The crowded room was completely silent. Nearly thirty people, not quite a third of the entire staff, were jammed in the tiny room to watch the address. Hair and tweed skirts pressed up flat against the glass walls.

“Now nobody can be against the general idea of an emphasis on the safety of our staff, but in practice, this means action. It means decisions must be taken early in all our interests and in the interests of the Royal London and its continuing duties to our readers and to the world at large. Duties to the record. And it is for this reason—”

“’Ere it cooms,” said Morrissey.

“—we are to close London offices and are asking each of you to liaise with your direct line managers and work from home your regular allotment of hours as is possible and you are able.” A tentative, almost pleased exhale came from the entire room. “We’re going to keep at it,” she smiled then, and the dog peered interestedly up at the webcam from her moleskinned lap. “Just not from London.”

The entire gathering, like the last twitch of a wound-down toy, moved then, in a gentle shuffle and murmur.

“Now there, there, there—”

It was a common thing for her, this throatclearing stutter, and it was one of the Goddess’ repertoire of rhetorical strategies, to sustain attention while thoughts were mustered. Surprising, then, that she would use it at a moment like this. Several of the most senior editors, including Barbara Jones, looked very pale and internal.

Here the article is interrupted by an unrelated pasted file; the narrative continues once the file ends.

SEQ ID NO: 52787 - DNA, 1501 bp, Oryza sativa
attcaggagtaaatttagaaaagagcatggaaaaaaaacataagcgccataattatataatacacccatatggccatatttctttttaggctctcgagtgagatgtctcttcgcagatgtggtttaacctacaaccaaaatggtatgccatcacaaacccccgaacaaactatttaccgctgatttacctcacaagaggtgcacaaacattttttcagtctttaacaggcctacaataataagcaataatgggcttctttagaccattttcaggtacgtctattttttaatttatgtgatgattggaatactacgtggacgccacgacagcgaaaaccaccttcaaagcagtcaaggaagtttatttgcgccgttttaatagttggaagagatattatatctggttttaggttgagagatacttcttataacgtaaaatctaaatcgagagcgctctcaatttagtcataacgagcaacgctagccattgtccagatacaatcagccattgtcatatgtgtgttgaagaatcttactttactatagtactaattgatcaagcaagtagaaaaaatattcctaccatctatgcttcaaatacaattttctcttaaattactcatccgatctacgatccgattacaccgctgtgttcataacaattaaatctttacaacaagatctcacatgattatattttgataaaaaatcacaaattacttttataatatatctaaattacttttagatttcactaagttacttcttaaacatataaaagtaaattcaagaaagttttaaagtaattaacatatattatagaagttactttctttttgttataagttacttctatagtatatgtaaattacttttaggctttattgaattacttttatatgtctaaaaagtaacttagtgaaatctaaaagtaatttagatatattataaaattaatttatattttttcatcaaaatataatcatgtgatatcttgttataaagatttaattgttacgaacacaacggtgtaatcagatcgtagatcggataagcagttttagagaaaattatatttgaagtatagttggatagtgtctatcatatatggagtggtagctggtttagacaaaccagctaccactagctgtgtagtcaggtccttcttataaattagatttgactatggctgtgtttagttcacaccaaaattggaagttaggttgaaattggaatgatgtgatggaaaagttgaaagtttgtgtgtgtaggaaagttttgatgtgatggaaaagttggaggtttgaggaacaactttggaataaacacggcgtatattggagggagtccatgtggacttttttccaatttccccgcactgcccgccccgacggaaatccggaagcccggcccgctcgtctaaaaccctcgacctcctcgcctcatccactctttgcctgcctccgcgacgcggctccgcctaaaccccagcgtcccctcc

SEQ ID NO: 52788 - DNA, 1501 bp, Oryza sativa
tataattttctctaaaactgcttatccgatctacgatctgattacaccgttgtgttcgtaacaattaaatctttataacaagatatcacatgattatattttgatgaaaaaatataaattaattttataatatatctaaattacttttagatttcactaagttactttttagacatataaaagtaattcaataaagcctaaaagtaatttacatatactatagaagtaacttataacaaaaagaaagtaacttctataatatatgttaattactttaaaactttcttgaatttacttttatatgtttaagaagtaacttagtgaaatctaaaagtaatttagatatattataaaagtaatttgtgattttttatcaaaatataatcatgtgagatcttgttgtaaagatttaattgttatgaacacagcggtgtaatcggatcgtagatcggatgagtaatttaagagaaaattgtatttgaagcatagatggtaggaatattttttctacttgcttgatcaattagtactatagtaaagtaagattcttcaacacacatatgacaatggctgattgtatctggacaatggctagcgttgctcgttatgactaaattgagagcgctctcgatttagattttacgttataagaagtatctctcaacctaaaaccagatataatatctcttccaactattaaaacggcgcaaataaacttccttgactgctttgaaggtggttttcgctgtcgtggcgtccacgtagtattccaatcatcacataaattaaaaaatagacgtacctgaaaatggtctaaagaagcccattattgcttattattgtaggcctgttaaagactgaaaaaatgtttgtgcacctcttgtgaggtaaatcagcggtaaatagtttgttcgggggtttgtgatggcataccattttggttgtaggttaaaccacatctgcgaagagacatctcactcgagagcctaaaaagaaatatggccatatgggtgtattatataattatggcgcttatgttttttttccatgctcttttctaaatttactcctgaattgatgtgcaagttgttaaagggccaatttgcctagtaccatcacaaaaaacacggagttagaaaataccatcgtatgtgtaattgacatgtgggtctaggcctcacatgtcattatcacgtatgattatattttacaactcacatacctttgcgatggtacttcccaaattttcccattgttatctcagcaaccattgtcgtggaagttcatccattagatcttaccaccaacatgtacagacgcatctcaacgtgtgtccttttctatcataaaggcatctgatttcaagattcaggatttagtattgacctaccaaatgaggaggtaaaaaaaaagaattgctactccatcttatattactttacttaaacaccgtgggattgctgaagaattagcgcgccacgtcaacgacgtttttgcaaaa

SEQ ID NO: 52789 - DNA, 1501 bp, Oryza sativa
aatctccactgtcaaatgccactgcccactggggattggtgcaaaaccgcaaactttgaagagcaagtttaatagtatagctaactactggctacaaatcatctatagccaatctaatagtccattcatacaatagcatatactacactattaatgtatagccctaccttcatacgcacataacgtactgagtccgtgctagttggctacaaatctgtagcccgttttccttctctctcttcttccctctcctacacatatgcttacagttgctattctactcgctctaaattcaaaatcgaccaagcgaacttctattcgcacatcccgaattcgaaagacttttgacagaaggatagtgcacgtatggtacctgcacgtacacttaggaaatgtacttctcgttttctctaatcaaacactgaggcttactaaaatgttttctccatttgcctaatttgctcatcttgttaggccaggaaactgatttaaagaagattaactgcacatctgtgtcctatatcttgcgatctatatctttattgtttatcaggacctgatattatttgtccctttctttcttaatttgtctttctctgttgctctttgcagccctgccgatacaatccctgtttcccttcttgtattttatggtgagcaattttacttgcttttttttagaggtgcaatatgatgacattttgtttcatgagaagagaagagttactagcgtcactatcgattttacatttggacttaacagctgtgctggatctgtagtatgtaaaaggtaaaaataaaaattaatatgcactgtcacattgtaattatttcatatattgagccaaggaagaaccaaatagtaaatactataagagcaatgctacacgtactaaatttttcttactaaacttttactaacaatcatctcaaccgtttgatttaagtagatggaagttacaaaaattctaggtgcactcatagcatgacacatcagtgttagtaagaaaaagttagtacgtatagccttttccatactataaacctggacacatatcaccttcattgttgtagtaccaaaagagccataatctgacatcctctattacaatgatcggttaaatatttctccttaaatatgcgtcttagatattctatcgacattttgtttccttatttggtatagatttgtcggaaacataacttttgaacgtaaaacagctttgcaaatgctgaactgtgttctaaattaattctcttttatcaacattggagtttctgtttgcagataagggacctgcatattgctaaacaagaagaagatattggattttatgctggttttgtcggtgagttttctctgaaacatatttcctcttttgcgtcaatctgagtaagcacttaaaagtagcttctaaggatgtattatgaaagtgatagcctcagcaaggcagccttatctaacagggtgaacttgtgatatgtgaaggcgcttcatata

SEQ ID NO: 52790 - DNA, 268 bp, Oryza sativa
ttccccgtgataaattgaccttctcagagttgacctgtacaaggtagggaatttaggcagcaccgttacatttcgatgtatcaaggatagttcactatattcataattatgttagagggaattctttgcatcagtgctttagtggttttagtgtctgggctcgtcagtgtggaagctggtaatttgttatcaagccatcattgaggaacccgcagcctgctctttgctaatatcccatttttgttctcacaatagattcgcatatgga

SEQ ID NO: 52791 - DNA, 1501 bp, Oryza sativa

“—there is an IMT task force assembled to assist those of you who are yet to do so in the arrangement of remote server connections and the other necessary arrangements regarding CMS access at various levels, email and support and the rest, and the various templates, for next Monday, so please speak to them. If you are yet to do so. We still don’t, um, cater for Mac, I’m afraid.”

She allowed herself a small smile, and a low titter spread through the room.